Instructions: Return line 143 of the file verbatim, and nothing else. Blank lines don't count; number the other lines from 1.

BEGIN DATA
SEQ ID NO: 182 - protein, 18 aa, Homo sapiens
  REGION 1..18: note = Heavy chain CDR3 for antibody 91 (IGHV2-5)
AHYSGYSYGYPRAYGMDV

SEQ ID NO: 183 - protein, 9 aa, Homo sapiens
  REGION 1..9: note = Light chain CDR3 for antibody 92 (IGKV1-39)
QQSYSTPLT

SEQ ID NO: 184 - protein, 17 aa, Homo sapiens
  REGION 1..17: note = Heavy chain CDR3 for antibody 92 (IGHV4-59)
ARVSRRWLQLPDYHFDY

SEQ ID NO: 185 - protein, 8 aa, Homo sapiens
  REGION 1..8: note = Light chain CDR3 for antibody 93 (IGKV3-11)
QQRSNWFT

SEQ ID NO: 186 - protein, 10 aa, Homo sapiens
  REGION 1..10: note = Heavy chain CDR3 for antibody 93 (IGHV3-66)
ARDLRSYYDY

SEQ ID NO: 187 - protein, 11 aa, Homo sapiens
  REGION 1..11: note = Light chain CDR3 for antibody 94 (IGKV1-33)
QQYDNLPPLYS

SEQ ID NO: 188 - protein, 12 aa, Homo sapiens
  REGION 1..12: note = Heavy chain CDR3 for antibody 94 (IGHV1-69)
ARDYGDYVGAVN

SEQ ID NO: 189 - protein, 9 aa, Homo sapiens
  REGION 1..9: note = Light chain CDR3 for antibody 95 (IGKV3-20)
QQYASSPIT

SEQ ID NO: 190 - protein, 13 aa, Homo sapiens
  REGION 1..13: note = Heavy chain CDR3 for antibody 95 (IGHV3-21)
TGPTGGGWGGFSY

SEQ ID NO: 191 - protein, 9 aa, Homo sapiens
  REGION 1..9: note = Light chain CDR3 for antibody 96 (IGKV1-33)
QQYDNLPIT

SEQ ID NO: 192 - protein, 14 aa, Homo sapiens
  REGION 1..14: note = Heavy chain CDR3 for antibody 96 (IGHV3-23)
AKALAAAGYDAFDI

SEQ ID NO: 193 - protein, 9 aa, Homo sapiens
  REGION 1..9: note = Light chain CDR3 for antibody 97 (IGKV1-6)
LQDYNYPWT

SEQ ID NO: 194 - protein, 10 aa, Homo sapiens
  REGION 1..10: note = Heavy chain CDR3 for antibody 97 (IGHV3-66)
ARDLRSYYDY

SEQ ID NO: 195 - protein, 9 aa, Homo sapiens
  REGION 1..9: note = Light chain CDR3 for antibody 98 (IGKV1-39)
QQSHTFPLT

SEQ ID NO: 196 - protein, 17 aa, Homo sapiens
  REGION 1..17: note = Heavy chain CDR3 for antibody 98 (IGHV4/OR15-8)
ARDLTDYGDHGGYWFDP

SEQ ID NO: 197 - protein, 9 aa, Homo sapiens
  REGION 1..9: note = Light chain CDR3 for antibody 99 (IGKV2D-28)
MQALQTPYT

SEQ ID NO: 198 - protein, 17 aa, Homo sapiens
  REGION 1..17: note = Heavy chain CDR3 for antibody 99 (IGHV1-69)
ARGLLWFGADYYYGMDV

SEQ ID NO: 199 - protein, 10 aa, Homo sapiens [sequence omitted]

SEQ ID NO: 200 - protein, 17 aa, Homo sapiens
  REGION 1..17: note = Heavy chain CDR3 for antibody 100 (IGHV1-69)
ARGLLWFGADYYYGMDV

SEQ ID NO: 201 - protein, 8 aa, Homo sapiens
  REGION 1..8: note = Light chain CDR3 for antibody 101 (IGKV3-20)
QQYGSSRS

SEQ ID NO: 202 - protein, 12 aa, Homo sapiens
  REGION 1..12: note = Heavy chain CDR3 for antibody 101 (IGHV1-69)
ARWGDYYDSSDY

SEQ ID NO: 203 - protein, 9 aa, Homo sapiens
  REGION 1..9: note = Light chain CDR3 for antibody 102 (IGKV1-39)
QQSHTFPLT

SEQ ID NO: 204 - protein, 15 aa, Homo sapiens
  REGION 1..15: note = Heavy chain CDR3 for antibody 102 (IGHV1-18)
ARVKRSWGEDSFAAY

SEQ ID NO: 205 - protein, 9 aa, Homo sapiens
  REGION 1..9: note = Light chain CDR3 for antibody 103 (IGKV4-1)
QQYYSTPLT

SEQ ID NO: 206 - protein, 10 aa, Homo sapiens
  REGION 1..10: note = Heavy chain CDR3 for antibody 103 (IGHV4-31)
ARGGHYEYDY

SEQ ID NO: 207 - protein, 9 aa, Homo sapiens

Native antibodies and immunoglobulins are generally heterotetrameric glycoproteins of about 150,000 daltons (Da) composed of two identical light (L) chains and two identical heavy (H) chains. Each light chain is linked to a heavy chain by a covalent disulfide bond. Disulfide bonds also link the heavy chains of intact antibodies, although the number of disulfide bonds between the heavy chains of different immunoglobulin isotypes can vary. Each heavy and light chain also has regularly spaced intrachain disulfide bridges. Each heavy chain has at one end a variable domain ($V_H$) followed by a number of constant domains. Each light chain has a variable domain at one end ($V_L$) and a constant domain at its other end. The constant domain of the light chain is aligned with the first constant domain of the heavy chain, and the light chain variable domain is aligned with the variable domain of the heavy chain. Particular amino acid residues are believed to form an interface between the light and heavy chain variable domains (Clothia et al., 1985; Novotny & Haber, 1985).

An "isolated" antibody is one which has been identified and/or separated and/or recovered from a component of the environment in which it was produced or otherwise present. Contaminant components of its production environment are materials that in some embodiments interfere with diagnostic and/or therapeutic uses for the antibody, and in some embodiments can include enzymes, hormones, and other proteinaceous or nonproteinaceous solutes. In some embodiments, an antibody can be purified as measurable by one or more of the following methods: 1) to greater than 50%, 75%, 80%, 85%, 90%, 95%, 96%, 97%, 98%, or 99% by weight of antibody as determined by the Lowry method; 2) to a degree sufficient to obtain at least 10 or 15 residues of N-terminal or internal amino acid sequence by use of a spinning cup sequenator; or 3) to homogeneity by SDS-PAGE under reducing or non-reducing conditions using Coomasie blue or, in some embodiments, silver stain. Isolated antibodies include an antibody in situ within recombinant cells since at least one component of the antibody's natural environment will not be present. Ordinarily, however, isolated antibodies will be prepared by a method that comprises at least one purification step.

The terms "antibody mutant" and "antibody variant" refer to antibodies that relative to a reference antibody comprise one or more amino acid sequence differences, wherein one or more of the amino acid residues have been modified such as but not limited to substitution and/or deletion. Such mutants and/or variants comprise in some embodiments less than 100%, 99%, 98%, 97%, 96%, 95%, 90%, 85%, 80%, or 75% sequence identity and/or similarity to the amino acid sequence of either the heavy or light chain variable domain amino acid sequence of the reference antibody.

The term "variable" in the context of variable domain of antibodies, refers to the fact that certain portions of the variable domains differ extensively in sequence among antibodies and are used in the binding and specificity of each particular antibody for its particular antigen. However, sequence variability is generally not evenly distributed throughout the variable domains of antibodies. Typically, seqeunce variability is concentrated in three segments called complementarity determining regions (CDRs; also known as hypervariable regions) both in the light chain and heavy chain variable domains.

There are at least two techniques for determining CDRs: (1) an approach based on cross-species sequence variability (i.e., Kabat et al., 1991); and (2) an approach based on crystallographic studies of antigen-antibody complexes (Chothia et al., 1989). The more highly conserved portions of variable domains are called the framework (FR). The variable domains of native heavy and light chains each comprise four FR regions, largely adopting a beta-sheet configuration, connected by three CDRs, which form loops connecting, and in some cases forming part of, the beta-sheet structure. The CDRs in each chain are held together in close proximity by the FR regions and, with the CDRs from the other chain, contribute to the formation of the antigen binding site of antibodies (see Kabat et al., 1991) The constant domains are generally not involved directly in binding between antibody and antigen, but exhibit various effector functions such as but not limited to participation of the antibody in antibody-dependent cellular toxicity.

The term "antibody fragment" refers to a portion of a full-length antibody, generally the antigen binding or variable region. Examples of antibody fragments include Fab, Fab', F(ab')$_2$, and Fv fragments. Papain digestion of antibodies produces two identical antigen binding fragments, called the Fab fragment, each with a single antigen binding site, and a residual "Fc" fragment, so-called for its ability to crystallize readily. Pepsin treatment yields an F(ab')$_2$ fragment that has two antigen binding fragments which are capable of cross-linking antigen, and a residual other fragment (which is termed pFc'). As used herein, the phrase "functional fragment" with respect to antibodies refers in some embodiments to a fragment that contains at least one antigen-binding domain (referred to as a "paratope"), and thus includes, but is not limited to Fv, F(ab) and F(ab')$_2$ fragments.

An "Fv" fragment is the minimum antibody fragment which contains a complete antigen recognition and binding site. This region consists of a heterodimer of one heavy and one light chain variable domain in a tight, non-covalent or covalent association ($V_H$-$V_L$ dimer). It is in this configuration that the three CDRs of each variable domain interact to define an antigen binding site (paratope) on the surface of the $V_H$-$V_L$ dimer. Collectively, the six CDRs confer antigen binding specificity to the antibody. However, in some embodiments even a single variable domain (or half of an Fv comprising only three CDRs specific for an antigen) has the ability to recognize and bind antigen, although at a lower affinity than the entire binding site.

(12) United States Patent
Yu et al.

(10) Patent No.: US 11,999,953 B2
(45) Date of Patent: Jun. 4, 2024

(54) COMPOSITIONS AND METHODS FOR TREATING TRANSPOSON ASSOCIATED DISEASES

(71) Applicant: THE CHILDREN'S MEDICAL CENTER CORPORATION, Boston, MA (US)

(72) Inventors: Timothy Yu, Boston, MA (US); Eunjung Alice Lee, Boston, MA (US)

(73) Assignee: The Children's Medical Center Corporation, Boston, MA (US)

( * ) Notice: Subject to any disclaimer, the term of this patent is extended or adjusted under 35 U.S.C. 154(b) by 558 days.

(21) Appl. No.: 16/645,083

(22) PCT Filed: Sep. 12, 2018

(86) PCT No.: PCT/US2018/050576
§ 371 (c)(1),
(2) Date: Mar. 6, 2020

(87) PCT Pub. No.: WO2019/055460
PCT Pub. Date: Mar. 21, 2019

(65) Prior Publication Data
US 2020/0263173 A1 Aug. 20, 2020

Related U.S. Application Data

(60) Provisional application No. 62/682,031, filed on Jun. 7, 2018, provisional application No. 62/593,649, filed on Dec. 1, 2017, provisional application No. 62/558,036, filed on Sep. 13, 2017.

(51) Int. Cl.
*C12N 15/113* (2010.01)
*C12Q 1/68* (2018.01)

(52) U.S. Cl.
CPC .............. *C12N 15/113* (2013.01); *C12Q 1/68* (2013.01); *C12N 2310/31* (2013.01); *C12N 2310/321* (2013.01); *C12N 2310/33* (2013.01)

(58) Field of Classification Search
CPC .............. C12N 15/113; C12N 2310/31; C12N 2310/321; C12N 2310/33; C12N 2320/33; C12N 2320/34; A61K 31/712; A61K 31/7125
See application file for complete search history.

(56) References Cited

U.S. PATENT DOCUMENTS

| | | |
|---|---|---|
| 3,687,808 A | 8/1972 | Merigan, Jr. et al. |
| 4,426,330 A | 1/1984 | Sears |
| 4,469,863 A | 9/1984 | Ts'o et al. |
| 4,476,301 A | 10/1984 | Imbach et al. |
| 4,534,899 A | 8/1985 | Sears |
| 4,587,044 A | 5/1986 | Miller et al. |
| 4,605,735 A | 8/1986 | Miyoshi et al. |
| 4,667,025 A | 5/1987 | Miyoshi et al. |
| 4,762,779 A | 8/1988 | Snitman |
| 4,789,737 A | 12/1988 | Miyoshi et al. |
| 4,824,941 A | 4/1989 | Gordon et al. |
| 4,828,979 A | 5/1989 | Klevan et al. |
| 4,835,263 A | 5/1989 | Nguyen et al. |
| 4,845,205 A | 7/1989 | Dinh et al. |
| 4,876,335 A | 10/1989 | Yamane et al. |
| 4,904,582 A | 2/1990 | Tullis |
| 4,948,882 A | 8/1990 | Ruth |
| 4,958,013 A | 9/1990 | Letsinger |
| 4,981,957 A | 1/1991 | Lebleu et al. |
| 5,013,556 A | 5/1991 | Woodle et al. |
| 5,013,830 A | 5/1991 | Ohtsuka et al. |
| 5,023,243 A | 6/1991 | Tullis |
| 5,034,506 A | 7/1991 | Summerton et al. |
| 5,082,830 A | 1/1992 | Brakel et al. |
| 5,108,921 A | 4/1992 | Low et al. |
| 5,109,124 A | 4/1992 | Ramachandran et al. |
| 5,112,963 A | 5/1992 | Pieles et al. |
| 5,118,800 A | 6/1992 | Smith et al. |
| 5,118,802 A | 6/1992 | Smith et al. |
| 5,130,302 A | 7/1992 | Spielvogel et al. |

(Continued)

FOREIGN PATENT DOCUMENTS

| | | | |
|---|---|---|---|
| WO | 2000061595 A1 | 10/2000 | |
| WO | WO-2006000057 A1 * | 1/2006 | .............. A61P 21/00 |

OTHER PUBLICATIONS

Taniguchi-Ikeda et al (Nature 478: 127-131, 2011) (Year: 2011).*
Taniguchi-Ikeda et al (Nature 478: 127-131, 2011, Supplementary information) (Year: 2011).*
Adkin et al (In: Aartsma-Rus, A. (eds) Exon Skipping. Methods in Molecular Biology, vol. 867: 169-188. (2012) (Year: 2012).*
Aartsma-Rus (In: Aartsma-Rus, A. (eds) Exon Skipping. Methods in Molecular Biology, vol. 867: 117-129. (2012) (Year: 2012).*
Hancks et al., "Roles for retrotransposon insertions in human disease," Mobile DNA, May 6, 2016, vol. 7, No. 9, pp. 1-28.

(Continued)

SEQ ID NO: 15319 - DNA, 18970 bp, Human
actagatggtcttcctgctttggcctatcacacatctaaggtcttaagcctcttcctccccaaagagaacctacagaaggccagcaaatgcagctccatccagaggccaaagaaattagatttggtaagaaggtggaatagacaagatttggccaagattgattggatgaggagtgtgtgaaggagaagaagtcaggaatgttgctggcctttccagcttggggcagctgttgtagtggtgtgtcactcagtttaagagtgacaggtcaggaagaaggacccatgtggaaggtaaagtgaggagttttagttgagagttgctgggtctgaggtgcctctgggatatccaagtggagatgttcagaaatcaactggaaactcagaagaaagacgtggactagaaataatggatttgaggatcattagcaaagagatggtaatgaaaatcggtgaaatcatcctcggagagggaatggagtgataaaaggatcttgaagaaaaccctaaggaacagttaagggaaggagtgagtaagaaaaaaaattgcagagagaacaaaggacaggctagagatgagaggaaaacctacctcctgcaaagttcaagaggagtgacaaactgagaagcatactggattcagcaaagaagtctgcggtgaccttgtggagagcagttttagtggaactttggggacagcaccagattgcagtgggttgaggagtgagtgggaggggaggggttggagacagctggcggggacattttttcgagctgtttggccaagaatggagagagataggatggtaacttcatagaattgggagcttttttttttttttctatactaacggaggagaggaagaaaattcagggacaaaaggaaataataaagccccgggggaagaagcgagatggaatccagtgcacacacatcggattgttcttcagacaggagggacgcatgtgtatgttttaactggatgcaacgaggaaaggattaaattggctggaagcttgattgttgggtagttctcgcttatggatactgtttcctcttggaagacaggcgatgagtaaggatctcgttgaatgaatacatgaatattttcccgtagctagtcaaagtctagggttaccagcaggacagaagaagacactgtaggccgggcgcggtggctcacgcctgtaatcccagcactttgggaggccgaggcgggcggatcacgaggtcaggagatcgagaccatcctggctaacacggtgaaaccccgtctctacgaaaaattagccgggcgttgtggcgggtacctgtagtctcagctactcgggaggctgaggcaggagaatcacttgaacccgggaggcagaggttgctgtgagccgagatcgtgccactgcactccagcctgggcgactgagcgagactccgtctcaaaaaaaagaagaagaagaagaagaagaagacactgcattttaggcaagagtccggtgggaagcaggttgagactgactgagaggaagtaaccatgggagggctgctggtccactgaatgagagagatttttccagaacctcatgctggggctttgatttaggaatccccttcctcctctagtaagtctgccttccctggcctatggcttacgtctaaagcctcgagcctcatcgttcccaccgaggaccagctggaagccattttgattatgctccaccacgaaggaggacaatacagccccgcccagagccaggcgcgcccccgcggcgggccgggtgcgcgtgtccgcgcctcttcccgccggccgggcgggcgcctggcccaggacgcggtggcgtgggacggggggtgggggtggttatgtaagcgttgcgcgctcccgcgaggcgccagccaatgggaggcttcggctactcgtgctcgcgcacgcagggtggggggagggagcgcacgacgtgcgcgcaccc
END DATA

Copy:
| 5,130,302 A | 7/1992 | Spielvogel et al. |